In the lead-up to his Australian visit, the renowned economist warns of the triple threat of rising inequality, the undermining of democracy and climate change.
This article was published by Tne Guardian on the 5th of November 2018.
It’s a stark message from a Nobel-prize winning economist.
“We were a very different country 40 years ago,” he says. “The downhill slide has been pretty fast. America, I think, should be an important warning to other countries not to take for granted their institutions. I worry that things in the United States could get much worse.”
Joseph Stiglitz is coming to Australia next week. The renowned economist and Columbia University professor has been awarded the 2018 Sydney peace prize for leading one of the defining public policy discussions of our age – the crisis caused by economic inequality.
Stiglitz is credited with pioneering the concept of the “1 per cent”, the idea that the upper 1% of Americans have accumulated so much political power and wealth in recent decades – through voter suppression, gerrymandering, and the corrupting influence of money – that the country’s economy has suffered, and its democracy has been undermined.
In 2011, barely two years into Barack Obama’s first presidential term, he warned the political upheavals then roiling countries including Egypt, Tunisia, Libya, Yemen and Bahrain could one day be visited upon the US, but in an American way. Later that year, the Occupy Wall Street protest emerged in Manhattan’s financial district.
His 2012 bestselling book The Price of Inequalityexplained in detail how America had been growing apart, at an increasingly rapid rate. He argued forcefully that the severe inequality in the US was a choice of the country’s leaders: a consequence of their policies, laws and regulations.
This month he plotted in Scientific American how inequality had worsened so much over the last 40 years that US democracy was imperilled.
“Whereas the income share of the top 0.1% has more than quadrupled and that of the top 1% has almost doubled, that of the bottom 90% has declined,” he wrote.
“Wages at the bottom, adjusted for inflation, are about the same as they were some 60 years ago. Wealth is even less equally distributed, with just three Americans having as much as the bottom 50%.”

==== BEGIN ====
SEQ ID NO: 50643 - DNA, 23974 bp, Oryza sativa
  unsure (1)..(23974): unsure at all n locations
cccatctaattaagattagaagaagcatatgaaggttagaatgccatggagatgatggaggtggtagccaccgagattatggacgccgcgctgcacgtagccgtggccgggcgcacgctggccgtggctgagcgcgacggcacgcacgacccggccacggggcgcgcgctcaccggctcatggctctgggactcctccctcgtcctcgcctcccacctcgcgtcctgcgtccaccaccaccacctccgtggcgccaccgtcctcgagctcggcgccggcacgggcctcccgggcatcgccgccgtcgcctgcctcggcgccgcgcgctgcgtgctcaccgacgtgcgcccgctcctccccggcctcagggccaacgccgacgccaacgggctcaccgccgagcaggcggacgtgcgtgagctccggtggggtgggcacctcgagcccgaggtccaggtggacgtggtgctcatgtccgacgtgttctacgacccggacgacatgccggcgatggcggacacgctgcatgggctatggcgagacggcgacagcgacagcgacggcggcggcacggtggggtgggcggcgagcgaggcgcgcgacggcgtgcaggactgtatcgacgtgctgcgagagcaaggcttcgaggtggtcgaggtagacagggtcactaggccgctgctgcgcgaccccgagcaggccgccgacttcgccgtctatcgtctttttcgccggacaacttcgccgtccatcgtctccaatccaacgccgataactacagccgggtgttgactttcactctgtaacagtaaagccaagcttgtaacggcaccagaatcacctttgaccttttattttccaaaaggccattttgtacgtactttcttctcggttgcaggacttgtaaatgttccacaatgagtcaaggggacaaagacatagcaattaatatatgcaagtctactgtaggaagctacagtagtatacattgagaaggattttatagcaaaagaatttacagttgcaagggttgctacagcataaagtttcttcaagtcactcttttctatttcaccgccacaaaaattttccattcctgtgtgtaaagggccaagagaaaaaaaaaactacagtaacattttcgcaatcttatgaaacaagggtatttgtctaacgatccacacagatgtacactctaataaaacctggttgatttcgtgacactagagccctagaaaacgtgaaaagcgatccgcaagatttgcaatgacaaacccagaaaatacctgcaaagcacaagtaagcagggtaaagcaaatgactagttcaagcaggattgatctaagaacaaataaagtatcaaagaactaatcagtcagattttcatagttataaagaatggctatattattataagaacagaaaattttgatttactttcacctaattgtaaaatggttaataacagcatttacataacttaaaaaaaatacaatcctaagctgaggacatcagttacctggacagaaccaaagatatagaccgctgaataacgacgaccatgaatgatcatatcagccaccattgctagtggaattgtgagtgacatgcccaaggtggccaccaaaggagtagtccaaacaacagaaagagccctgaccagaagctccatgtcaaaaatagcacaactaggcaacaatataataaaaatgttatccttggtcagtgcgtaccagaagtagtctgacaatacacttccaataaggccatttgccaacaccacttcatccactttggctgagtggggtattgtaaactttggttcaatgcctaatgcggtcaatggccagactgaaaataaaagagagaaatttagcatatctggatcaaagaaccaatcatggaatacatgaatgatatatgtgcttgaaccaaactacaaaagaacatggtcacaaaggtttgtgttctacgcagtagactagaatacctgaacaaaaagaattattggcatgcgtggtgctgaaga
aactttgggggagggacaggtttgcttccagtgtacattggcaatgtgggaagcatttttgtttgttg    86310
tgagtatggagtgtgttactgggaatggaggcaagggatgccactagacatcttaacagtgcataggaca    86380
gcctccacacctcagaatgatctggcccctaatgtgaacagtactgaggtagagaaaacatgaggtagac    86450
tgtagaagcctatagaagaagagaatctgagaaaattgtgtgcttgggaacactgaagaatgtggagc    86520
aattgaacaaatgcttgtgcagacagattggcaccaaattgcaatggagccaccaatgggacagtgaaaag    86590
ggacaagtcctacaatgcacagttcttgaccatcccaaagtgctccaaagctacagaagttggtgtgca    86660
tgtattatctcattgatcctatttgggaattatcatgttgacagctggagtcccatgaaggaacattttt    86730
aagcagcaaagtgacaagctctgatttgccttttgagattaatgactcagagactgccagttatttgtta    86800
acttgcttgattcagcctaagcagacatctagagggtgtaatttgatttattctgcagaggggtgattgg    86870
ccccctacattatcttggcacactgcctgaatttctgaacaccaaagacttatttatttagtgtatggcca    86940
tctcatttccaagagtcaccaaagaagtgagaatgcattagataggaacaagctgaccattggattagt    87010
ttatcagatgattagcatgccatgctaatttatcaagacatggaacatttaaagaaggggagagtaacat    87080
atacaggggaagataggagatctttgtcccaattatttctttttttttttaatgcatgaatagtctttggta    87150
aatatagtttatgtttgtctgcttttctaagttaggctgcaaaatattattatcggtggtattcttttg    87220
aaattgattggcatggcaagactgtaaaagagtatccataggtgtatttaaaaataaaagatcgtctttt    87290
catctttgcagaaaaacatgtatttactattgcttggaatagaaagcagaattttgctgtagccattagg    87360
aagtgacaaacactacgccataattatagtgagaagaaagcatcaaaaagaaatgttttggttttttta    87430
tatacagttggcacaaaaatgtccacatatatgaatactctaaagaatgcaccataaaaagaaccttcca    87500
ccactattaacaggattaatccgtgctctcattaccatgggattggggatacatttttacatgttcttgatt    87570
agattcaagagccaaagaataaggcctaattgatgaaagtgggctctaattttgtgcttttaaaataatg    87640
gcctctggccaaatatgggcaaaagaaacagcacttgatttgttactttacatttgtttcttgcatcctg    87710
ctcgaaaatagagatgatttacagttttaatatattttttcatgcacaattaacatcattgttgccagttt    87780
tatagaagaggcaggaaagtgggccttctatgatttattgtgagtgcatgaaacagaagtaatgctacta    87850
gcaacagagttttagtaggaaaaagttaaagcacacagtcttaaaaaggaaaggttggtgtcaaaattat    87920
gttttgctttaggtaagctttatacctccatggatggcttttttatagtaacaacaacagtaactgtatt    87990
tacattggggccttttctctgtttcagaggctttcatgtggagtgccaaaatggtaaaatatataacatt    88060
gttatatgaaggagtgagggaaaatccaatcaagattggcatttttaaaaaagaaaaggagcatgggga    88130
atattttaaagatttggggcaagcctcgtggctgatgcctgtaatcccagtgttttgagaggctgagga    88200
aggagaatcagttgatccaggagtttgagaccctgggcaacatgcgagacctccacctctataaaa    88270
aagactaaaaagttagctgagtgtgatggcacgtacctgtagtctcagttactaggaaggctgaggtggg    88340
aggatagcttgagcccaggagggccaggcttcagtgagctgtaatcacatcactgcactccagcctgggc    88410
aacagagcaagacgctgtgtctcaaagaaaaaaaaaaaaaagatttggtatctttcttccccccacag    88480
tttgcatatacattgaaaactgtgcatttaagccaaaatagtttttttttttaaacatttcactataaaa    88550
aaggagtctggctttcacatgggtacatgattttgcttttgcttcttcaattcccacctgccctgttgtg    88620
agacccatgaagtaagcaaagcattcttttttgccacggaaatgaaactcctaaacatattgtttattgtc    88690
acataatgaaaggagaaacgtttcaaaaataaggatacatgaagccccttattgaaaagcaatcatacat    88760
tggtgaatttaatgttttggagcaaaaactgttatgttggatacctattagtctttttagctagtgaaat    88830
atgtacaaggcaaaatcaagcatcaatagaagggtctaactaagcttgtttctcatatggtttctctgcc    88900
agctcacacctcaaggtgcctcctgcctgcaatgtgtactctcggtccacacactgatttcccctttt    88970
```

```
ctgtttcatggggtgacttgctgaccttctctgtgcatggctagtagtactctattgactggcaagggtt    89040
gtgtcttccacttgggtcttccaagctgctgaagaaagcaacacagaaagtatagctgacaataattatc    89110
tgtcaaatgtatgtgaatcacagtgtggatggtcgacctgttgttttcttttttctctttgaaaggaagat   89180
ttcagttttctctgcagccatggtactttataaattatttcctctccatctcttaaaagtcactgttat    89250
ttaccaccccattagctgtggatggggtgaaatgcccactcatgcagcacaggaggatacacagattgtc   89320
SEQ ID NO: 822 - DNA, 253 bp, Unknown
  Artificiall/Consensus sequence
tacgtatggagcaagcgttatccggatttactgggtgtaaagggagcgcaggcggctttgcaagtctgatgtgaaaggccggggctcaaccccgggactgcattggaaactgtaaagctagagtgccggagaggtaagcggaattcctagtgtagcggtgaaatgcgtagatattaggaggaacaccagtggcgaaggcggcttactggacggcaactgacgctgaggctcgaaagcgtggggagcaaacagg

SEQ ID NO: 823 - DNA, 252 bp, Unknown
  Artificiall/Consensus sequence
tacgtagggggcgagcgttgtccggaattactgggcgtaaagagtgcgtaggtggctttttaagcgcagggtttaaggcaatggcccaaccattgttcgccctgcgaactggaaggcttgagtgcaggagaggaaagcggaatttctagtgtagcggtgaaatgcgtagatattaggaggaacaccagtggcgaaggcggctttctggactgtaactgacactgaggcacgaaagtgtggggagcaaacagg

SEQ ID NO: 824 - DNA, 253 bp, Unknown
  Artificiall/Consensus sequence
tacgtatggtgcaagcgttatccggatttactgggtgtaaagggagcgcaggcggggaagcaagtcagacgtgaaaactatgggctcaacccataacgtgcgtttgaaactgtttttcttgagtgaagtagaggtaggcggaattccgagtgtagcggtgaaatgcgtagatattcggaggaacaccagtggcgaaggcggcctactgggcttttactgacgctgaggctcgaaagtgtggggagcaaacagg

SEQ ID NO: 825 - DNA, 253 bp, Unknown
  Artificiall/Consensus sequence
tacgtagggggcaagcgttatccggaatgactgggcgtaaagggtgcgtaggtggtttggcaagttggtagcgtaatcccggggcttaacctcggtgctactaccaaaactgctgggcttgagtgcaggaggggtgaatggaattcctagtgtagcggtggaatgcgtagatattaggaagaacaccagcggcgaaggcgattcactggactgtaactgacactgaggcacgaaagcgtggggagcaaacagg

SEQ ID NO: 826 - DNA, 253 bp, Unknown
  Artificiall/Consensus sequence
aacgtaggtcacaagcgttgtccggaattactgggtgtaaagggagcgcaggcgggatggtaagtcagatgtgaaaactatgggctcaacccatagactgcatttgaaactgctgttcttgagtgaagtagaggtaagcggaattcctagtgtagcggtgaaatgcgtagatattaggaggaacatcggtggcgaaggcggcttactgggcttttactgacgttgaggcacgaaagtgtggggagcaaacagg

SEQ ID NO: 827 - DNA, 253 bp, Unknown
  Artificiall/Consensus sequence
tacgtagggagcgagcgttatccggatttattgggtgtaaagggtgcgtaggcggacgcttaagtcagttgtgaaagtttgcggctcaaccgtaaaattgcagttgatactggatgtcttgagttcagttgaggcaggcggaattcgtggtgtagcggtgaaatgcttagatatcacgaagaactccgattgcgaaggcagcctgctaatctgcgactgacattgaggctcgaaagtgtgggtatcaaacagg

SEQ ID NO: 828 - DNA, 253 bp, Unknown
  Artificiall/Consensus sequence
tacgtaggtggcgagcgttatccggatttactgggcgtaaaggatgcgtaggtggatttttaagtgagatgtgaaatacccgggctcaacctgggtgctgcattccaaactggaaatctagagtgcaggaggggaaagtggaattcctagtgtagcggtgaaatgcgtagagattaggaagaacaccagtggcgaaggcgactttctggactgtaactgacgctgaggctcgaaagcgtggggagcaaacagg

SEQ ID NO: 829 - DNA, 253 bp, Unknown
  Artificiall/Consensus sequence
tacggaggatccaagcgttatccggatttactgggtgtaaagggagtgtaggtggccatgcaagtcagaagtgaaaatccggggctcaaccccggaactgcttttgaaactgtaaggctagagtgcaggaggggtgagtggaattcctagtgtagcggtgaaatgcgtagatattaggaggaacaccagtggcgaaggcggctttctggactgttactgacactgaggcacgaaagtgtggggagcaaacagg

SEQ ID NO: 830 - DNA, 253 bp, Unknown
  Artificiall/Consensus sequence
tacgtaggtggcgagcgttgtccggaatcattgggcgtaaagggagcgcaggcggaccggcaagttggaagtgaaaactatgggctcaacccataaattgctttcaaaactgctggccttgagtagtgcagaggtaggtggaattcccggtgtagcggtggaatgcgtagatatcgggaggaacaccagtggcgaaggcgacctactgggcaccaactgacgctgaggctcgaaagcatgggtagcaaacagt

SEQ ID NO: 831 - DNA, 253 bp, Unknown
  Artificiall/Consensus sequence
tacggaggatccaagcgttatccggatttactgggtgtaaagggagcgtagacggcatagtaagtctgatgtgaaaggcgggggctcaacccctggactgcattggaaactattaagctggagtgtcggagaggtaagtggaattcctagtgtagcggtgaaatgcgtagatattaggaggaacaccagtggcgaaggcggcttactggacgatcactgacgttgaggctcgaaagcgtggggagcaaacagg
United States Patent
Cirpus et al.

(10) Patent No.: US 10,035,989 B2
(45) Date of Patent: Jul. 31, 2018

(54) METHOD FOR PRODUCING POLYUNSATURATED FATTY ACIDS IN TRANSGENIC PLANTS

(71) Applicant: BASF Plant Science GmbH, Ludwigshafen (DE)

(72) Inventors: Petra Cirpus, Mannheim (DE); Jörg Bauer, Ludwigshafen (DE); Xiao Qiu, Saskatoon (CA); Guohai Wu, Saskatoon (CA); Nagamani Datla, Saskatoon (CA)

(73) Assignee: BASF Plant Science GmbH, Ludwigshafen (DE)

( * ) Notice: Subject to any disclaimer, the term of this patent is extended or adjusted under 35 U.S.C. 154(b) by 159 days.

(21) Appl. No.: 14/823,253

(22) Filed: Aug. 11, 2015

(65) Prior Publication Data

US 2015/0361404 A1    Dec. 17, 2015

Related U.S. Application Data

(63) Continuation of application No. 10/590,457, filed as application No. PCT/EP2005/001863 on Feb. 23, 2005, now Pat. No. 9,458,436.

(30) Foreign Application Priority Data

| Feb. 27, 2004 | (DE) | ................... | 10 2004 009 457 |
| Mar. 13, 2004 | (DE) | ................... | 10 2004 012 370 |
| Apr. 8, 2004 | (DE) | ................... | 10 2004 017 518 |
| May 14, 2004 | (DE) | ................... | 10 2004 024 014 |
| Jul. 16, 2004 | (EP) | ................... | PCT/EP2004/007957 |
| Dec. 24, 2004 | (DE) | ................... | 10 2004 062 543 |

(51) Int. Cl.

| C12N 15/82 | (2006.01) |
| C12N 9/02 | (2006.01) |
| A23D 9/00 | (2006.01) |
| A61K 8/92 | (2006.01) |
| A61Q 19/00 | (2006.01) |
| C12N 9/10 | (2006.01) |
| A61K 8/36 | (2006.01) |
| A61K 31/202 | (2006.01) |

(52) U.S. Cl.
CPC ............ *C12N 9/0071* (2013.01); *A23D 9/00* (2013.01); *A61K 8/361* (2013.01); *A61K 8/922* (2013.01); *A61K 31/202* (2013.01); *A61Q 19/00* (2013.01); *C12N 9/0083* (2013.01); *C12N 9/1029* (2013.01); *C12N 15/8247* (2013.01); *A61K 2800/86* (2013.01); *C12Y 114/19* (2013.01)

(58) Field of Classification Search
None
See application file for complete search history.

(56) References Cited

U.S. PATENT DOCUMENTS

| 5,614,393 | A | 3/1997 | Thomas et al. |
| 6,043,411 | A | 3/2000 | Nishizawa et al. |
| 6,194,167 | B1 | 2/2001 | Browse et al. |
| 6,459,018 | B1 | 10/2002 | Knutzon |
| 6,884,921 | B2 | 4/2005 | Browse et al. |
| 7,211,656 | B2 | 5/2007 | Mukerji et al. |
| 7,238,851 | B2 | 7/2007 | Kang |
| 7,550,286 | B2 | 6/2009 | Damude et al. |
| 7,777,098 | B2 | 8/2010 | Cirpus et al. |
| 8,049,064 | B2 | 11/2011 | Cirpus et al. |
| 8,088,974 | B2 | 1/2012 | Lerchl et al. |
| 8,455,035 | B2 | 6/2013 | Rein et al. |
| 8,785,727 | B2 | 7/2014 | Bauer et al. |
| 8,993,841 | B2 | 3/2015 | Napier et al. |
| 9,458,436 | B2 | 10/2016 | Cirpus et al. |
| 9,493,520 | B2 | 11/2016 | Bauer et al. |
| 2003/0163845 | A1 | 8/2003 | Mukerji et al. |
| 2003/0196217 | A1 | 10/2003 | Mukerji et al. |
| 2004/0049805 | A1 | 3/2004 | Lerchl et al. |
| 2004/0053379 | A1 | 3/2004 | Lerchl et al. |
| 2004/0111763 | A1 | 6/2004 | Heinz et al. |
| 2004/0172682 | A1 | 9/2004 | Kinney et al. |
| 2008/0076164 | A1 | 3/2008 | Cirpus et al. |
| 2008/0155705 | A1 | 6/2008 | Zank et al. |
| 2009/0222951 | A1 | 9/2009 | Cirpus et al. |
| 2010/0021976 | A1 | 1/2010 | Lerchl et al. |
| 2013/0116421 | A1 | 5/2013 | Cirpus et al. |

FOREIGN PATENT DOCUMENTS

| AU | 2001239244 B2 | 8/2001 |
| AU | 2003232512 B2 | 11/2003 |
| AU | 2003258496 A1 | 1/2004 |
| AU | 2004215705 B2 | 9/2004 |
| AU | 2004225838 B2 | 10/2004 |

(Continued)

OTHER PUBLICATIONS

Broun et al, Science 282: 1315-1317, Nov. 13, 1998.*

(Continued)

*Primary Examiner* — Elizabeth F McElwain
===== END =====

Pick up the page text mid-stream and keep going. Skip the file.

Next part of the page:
“As more of our citizens come to understand why the fruits of economic progress have been so unequally shared, there is a real danger that they will become open to a demagogue blaming the country’s problems on others and making false promises of rectifying ‘a rigged system’.
“We are already experiencing a foretaste of what might happen. It could get much worse.”
Stiglitz tells Guardian Australia, in the lead-up to his trip to Australia, that this country has a lot to learn from America.
“One of the reasons I wrote [The Price of Inequality] is almost as a warning to other countries,” he says.
“Some of the forces attacking what I would call the social order … those who are shortsighted and in the 1%, know that what they want is contrary to what would evolve in a functioning democracy.
“Most Americans want a higher minimum wage, they want gun control, they want access to healthcare, they want stronger financial regulation – the polling on some of these issues is, you know, 75% or more – and yet our democracy can’t deliver it.
“Those on the other side have to undermine democracy if they’re going to thwart the will of such a large majority, so they undermine it by disenfranchisement and disempowerment.”
Stiglitz says the vision of policymakers in the aftermath of the second world war was to draw together a community that had fought together, to help society become more equal. In the 1960s that was reinforced with demands for racial and social and gender justice, to break down further the forces that had long-divided society.
“It was a continuation if you looked at it in a grand historical [perspective] where we’d gotten rid of feudalism and hereditary privilege and we were moving step by step to a greater system of social justice,” he says. “That was our vision, with the civil rights movement.”
But the election of Donald Trump as president, and a Republican push to further undermine economic equality, mean the old social contract is being further undermined.
“Now we have Trump – a misogynist, a racist, a bigot – as president and openly espousing these things, and we have the majority of the Republican party voting for a tax bill that increases inequality and leads more people to have no insurance coverage. It’s further undermining the social contract and [the old] vision.”
Stiglitz says he plans to talk about all of these things in Australia, including the problem of climate change – which he says presents the strongest critique of the capitalist system.
“It reminds one of Jared Diamond’s story of collapse on Easter Island where they cut down the last tree and there they were, unable to paddle to any other island and they’d destroyed their future,” he says.
“We’re doing the same. The magnitude of the dysfunction is unbelievable. And what’s remarkable about it is, some of the work I’ve done has shown the cost to our society of dealing with this is minuscule, at most 2% of GDP, whereas the cost of not dealing with it could be horrendous.”
He says any view of a well-managed society would be “why not deal with the threat of climate change?”
“Particularly because the way you’d do it would actually stimulate the economy.”
Prof Joseph Stiglitz will be in Australia to receive the Sydney peace prize. He will be awarded the prize at the City of Sydney peace prize lecture on 15 November, and speak at the National Press Club in Canberra on 14 November and at the Athenaeum Theatre in Melbourne on 19 November